It seemed in 2006 with each step taken forward two steps were taken back. Little progress, if any, has been made in Iraq. The country is being run by men who have allegiance to sectarian militias and foreign interest, unfortunately some of these men's interest seem to be anti-Iraqi.

In September spy agencies say that Iraq War worsens terrorism threat.

October becomes the fourth deadliest month for US troops since the war began in 2003 and the deadliest of 2006.

In November the Iraqi High Tribunal sentenced Saddam Hussein to death by hanging and the United Nations officials report 3,709 Iraqi civilians were killed in October 2006, the highest toll for civilian casualties since the Iraq War began in 2003.

Later in the same month over 200 people are killed when five car bombs and two mortars detonate in Sadr City, a Shia stronghold, becoming the deadliest attack since the Iraq War began. Shia then retaliate for the bombings and set fire to a Sunni mosque and attacking it's worshipers.

Also in November NBC decides to start calling the Iraq War a Civil War.

In December the bipartisan panel The Iraq Study Group releases their recommendations for the deteriorating situation in Iraq. Among the recommendations are talks with Iran and Syria, training more Iraqi forces and an eventual drawback of US troops.

President Bush states he will consider all the options presented by the Iraq Study Group. Soon thereafter rumors begin circulating that additional troops will be sent to Iraq.

Now here we are rounding the corner, preparing for 2007. What will the future bring us? The track record indicates we are heading for an increase in violence and tensions.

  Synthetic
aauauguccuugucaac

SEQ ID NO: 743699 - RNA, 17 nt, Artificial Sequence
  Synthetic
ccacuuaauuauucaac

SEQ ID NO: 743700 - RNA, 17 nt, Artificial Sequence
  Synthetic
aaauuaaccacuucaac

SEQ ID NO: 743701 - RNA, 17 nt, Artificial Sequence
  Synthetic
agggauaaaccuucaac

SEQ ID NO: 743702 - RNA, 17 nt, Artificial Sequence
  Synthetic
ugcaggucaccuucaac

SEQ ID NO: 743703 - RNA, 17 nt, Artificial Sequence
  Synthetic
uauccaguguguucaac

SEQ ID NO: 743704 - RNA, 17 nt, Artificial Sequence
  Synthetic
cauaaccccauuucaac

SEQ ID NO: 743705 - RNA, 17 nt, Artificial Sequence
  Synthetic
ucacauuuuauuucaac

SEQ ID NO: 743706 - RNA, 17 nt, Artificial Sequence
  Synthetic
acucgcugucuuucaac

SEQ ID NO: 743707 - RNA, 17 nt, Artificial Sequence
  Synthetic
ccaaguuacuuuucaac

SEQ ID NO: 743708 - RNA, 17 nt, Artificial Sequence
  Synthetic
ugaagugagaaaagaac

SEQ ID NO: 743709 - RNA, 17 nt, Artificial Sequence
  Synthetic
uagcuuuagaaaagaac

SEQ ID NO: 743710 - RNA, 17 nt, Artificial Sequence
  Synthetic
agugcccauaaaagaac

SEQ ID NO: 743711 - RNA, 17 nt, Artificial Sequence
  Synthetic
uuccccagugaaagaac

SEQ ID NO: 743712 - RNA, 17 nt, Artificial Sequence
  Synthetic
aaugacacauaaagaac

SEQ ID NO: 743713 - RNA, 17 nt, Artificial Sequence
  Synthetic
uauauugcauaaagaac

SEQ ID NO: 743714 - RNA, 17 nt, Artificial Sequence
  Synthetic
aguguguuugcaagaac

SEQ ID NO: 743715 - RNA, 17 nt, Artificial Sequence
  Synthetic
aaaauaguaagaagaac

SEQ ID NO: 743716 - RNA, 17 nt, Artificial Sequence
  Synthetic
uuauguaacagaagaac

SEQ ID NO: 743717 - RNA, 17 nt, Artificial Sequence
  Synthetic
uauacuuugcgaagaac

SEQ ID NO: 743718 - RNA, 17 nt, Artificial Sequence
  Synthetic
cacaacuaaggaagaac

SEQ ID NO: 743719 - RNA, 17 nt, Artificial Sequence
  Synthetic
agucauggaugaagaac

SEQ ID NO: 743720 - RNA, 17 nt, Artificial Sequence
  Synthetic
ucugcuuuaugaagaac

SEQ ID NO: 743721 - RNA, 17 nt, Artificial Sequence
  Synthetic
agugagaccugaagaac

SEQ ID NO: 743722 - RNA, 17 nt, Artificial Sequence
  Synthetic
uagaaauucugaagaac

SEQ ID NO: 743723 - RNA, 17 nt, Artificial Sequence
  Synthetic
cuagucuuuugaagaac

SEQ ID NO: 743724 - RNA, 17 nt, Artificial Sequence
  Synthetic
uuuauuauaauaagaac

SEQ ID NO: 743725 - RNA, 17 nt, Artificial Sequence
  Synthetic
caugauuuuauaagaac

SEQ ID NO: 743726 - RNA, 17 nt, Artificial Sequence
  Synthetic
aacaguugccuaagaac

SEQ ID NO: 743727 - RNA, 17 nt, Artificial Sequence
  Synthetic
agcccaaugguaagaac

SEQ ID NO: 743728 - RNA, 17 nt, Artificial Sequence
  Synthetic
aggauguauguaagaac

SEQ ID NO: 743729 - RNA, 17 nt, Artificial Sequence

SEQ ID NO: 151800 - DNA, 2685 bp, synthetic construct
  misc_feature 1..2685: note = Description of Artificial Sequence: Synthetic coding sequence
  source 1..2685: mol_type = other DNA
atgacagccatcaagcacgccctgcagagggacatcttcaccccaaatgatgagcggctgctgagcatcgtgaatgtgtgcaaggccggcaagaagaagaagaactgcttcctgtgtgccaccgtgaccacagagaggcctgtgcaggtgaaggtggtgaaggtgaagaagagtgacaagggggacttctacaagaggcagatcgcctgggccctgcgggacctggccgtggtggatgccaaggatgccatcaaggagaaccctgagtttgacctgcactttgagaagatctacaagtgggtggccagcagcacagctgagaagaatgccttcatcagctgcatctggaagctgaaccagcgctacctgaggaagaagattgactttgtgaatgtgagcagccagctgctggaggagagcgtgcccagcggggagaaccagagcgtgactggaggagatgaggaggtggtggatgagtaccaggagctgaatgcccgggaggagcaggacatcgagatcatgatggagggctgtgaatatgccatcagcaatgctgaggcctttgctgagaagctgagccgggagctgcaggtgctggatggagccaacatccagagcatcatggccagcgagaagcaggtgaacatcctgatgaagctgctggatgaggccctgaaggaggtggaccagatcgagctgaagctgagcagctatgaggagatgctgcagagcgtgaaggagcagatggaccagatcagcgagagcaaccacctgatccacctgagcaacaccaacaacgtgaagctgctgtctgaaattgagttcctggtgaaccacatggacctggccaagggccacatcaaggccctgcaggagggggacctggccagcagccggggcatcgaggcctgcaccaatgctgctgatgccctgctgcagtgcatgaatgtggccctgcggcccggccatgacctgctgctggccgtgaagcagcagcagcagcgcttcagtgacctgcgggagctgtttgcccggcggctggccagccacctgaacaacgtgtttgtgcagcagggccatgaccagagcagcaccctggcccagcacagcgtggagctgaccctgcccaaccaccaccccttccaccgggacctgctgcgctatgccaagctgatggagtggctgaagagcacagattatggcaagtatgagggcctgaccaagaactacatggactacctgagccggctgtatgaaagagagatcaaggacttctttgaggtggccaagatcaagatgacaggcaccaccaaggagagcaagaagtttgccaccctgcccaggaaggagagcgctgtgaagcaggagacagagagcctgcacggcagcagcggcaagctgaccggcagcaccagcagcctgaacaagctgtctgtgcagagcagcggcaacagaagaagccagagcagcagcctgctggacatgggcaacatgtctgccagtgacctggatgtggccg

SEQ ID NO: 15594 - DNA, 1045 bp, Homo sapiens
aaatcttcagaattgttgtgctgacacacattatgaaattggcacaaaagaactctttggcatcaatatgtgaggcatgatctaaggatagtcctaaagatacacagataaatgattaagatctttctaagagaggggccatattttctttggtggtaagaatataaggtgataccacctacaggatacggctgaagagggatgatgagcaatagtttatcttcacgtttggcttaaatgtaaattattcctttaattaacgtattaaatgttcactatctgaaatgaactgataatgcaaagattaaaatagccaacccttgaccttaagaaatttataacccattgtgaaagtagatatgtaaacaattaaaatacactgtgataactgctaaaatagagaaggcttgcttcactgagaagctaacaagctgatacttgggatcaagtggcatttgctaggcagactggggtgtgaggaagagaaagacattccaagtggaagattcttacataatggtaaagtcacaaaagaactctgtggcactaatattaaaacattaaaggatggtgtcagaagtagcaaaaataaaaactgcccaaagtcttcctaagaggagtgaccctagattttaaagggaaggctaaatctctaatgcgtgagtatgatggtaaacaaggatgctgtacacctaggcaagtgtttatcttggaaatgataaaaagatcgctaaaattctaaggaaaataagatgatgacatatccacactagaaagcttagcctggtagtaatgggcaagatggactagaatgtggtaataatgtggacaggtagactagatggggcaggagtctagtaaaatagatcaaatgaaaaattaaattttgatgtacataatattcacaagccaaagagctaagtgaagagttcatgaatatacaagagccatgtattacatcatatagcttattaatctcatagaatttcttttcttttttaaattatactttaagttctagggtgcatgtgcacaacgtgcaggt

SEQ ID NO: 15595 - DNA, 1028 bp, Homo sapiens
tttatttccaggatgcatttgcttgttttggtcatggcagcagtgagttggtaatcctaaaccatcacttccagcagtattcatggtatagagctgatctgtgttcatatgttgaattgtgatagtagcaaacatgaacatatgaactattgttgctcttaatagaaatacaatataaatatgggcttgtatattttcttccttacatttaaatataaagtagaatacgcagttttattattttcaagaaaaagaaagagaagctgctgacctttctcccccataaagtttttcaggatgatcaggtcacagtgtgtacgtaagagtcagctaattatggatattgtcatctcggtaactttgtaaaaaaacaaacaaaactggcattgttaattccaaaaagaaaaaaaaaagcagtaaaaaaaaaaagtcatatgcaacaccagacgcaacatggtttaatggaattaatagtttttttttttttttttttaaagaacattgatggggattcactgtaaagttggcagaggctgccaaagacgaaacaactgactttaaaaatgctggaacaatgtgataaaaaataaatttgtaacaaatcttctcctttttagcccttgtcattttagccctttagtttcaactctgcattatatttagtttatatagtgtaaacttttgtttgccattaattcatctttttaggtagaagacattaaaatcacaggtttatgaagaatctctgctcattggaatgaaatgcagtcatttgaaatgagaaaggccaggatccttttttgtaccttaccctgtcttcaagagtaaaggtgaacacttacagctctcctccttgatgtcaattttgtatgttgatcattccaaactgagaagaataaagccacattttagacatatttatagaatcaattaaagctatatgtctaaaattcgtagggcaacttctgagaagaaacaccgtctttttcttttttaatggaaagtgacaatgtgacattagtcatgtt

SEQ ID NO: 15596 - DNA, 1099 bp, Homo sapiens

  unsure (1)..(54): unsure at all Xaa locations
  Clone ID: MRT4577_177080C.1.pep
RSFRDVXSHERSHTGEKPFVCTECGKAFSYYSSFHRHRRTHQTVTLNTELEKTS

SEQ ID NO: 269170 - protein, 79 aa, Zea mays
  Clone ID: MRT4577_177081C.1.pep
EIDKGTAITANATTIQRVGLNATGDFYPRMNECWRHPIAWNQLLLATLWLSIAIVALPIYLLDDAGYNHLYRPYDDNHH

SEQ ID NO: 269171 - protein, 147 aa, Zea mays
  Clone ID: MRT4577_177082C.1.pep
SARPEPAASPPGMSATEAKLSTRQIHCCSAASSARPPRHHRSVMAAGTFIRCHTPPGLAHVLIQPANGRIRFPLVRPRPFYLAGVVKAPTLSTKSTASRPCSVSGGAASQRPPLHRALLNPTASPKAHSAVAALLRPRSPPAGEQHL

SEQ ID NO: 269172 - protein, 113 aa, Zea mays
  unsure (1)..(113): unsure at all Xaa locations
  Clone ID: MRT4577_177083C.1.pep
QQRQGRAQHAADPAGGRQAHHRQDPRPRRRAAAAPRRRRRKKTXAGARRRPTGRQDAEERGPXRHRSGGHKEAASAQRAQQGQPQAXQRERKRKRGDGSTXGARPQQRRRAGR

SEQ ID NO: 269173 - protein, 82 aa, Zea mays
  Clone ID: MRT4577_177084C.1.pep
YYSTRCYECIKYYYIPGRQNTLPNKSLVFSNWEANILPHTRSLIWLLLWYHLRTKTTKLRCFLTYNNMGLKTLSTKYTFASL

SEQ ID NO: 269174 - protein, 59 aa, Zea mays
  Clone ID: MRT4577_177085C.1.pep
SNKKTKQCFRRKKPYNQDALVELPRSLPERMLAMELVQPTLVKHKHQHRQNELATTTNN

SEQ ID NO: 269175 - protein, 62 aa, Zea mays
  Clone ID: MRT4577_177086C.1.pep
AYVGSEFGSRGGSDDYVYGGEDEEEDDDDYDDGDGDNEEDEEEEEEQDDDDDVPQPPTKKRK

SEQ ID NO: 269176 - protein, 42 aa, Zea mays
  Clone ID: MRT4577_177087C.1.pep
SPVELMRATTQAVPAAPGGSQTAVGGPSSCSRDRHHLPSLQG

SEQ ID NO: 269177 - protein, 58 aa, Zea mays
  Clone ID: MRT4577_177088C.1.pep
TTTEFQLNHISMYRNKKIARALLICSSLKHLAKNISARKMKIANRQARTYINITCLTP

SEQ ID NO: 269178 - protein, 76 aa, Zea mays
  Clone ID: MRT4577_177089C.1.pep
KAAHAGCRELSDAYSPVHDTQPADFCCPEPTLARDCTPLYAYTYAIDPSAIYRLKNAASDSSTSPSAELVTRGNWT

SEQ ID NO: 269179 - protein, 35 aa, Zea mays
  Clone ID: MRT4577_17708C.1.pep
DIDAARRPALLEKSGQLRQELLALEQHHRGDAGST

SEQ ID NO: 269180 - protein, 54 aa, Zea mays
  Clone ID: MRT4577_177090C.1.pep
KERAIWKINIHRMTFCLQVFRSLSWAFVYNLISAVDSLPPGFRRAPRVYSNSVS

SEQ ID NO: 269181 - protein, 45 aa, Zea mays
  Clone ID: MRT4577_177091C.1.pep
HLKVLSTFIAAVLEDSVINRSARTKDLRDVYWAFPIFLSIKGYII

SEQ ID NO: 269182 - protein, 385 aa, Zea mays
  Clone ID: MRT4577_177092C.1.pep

The President is preparing for his next move on the chessboard. He is currently meeting with his "top advisers" in Crawford, Texas. I imagine new slogans are being created as we speak...

The meeting is most likely aimed at creating a so-called "surge" in Iraq, which is most likely aimed in an another botched redemption attempt by the Bush Administration. The "surge" in US troops will most likely result in a competing "surge" in the inSURGency.

So as we enter 2007 keep in mind the Bush Administration is not going to allow failure to happen on their watch, it will be the responsibility of the next President to clean up this debacle.

History will not vindicate the mistakes, lies and alibi's of our current leaders. Their lack of foresight and planning and abundance of ego has only fueled the insurgency in Iraq, weakened the moderates, damaged the so called War on Terror and made the United States and the world a more dangerous place to live in.

2007 shall be another year of tremendous change, keeping in mind that change is not always good we should remember that the Bush Administration will not back away from it's crusade, and nor will the terrorist back down from their jihad and nor will the factions in Iraq suddenly stop fighting.

As long as non secular warmongers with a lack of vision are running Washington and Baghdad expect little improvement, protest their tyranny and do not allow yourself to be bought with their cheap and empty rhetoric and slogans.

Good luck in the new year, your going to need it. (me too)